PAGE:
It’s perfectly fine to feel down and/or depressed at the loss of a loved one, more so if you have to make a lot of changes to your life as a result, which can then add to that sense of loss. Change can be frightening, especially when you have no warning that it’s coming. Grief can also make you reevaluate your life, making you wish you spent more time with certain people or doing certain things. However, be careful not to get stuck in this stage, as it can spiral into despair if left unchecked.
The last stage is where you’re finally able to accept the loss. That doesn’t mean you’ll be happy all of a sudden, it just means you’ve objectively accepted the loss. You may also recognise that happier days will return again at some point.
The Evidence Behind The 5 Stages Of Grief
Now, what you might not know is that the 5 stages of grief weren’t originally written for the loss of a loved one, but rather for those living with a terminal illness (Psychology Today). Which is the opposite of what we’ve all been fed through the media.
The 5 stages of grief don’t account for or allow individual differences in grief, ignoring the massive diversity in how we grieve as individuals or across time (Stroebe, Schut, and Boerner, 2017). Furthermore, there doesn’t seem to be any empirical evidence that supports the existence of these 5 stages (Psychology Today and Stroebe, Schut, and Boerner, 2017).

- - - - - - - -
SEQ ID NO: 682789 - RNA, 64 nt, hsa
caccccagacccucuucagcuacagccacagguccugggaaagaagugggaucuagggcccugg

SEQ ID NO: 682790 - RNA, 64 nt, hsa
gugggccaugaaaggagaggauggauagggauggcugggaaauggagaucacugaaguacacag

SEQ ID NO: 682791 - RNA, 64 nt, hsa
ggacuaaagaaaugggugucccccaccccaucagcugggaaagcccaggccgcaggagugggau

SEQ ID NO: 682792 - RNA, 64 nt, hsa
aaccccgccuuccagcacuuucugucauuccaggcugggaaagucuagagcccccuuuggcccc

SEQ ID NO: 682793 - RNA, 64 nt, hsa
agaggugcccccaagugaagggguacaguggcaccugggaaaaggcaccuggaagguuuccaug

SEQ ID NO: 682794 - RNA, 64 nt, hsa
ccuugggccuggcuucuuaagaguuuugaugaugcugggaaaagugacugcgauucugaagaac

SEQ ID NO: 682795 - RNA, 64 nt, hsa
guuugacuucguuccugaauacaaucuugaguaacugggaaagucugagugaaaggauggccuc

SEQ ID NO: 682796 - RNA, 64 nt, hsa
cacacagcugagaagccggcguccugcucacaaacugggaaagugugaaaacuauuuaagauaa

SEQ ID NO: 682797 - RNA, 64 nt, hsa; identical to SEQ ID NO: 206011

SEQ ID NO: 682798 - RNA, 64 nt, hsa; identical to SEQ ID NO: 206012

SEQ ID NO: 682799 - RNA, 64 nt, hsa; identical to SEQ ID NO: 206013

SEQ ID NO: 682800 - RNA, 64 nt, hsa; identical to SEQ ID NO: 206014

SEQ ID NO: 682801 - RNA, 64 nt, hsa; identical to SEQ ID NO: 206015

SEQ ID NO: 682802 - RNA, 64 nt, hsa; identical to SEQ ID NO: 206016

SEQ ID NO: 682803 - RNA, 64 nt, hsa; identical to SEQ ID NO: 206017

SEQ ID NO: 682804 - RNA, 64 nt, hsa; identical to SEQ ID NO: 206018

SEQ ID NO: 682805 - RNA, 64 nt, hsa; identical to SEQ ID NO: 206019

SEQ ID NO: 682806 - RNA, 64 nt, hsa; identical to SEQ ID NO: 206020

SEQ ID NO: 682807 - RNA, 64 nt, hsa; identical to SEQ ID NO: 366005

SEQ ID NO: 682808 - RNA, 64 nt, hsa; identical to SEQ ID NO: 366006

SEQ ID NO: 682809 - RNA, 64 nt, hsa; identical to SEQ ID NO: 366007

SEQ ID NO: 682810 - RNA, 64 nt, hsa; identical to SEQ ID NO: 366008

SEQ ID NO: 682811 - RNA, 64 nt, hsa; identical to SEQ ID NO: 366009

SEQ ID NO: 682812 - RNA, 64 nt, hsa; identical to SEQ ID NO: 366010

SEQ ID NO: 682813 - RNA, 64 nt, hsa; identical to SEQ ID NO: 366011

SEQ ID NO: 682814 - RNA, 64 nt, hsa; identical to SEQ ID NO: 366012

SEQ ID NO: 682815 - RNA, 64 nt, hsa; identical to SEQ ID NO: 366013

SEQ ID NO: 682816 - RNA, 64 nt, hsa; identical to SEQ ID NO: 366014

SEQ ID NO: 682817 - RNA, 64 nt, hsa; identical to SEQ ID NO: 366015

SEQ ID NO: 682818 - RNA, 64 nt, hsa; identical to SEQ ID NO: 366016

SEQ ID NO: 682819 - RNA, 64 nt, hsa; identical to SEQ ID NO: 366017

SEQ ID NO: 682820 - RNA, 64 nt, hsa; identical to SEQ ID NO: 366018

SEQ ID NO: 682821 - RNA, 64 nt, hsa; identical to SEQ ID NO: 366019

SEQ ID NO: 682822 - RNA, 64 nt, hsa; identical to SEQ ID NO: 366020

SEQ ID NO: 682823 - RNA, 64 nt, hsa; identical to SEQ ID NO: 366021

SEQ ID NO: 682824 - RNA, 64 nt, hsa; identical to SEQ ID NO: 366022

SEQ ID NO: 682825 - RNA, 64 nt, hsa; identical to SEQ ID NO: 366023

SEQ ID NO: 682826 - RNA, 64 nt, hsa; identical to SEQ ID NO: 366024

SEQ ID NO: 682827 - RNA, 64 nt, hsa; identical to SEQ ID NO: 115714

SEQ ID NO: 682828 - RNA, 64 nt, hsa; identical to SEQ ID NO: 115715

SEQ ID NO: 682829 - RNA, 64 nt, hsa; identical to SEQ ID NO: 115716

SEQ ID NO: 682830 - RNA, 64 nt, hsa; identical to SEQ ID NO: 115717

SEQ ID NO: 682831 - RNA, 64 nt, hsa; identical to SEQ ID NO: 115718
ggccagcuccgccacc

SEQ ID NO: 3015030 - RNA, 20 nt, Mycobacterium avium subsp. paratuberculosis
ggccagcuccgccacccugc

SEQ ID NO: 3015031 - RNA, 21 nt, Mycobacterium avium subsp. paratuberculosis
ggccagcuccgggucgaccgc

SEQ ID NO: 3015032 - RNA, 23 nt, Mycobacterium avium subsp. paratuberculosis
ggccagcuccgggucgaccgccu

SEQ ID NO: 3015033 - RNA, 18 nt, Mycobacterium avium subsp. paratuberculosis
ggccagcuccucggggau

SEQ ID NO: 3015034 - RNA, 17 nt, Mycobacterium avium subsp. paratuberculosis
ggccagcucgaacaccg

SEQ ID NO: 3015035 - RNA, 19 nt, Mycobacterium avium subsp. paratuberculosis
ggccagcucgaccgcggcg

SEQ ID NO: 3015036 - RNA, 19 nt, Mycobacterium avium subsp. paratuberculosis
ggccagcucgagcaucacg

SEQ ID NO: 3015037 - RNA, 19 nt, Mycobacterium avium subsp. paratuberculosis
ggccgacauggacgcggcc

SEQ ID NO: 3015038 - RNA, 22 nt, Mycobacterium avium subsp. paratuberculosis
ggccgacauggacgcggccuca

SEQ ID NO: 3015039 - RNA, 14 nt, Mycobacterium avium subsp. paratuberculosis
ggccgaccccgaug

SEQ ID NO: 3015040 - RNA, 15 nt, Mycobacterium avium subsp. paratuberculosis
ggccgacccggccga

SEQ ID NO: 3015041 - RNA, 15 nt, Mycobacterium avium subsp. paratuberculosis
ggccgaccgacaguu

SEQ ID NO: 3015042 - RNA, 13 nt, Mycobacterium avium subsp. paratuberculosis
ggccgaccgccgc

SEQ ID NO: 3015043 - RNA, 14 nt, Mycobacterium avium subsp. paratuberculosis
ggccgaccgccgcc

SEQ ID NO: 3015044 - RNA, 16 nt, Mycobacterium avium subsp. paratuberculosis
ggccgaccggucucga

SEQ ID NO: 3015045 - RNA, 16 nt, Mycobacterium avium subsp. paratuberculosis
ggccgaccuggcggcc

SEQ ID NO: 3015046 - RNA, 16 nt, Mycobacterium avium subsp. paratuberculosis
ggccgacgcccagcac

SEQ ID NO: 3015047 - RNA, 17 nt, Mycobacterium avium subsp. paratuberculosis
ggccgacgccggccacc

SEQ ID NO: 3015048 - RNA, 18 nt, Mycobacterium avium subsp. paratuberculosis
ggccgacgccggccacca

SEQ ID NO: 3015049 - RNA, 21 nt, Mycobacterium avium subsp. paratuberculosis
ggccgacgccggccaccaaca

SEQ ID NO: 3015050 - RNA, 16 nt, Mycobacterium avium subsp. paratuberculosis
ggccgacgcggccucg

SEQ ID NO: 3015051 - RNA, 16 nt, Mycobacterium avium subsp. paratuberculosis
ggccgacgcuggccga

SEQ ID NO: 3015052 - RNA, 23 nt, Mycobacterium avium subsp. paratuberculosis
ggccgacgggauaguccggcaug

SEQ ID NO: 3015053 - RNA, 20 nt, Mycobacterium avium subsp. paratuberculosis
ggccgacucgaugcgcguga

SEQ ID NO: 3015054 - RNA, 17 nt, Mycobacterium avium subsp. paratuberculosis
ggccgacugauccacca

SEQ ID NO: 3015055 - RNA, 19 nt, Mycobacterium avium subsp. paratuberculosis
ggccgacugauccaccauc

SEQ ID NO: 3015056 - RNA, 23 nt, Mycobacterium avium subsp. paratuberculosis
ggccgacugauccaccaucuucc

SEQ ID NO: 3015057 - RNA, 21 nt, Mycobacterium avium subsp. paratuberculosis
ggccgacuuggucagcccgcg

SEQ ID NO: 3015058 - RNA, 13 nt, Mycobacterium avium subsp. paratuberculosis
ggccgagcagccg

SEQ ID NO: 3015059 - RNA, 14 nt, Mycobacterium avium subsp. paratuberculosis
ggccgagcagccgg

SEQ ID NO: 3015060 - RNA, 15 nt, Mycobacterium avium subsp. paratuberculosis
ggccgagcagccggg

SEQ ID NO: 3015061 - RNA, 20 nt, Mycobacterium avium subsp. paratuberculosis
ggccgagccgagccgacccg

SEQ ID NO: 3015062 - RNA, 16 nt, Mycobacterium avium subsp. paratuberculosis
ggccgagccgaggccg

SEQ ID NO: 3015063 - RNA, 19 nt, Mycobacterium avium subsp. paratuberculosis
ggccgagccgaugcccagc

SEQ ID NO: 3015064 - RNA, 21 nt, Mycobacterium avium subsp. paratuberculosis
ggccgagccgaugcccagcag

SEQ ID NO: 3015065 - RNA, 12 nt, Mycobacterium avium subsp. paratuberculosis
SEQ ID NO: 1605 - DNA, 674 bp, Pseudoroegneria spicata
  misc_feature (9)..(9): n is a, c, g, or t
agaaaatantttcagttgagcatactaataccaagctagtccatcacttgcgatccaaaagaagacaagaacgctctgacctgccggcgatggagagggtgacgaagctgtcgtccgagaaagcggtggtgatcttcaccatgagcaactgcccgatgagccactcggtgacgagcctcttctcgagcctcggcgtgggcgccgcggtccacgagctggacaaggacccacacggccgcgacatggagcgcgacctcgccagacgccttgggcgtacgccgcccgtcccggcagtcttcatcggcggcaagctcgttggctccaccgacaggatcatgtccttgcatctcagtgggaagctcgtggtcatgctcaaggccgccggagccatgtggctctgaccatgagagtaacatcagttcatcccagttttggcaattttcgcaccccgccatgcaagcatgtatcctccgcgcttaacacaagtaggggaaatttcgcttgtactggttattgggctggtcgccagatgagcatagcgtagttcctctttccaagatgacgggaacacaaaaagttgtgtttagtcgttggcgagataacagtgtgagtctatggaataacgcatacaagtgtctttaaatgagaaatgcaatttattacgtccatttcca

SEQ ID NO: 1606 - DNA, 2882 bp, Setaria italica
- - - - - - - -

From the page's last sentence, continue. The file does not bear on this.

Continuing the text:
Each person and every family will grieve in their own way, with some people feeling anxious rather than feeling anything listed in the 5 stages of grief (Harvard Medical School, 2011).
What’s worse is that the expectation that people will, and should, go through the 5 stages of grief can be harmful to those who don’t, like I didn’t (Stroebe, Schut, and Boerner, 2017). But it’s not just the person who’s experiencing the loss that can be affected by this. Some people will worry on someone else’s behalf if they don’t go through the stages (Harvard Medical School, 2011).
If there’s no empirical evidence for the 5 stages of grief, maybe it’s time to resign this approach to history. Instead, we should accept a more individualistic approach to grief so that people don’t feel bad about themselves for not following such arbitrary rules of grief.
My Grief Story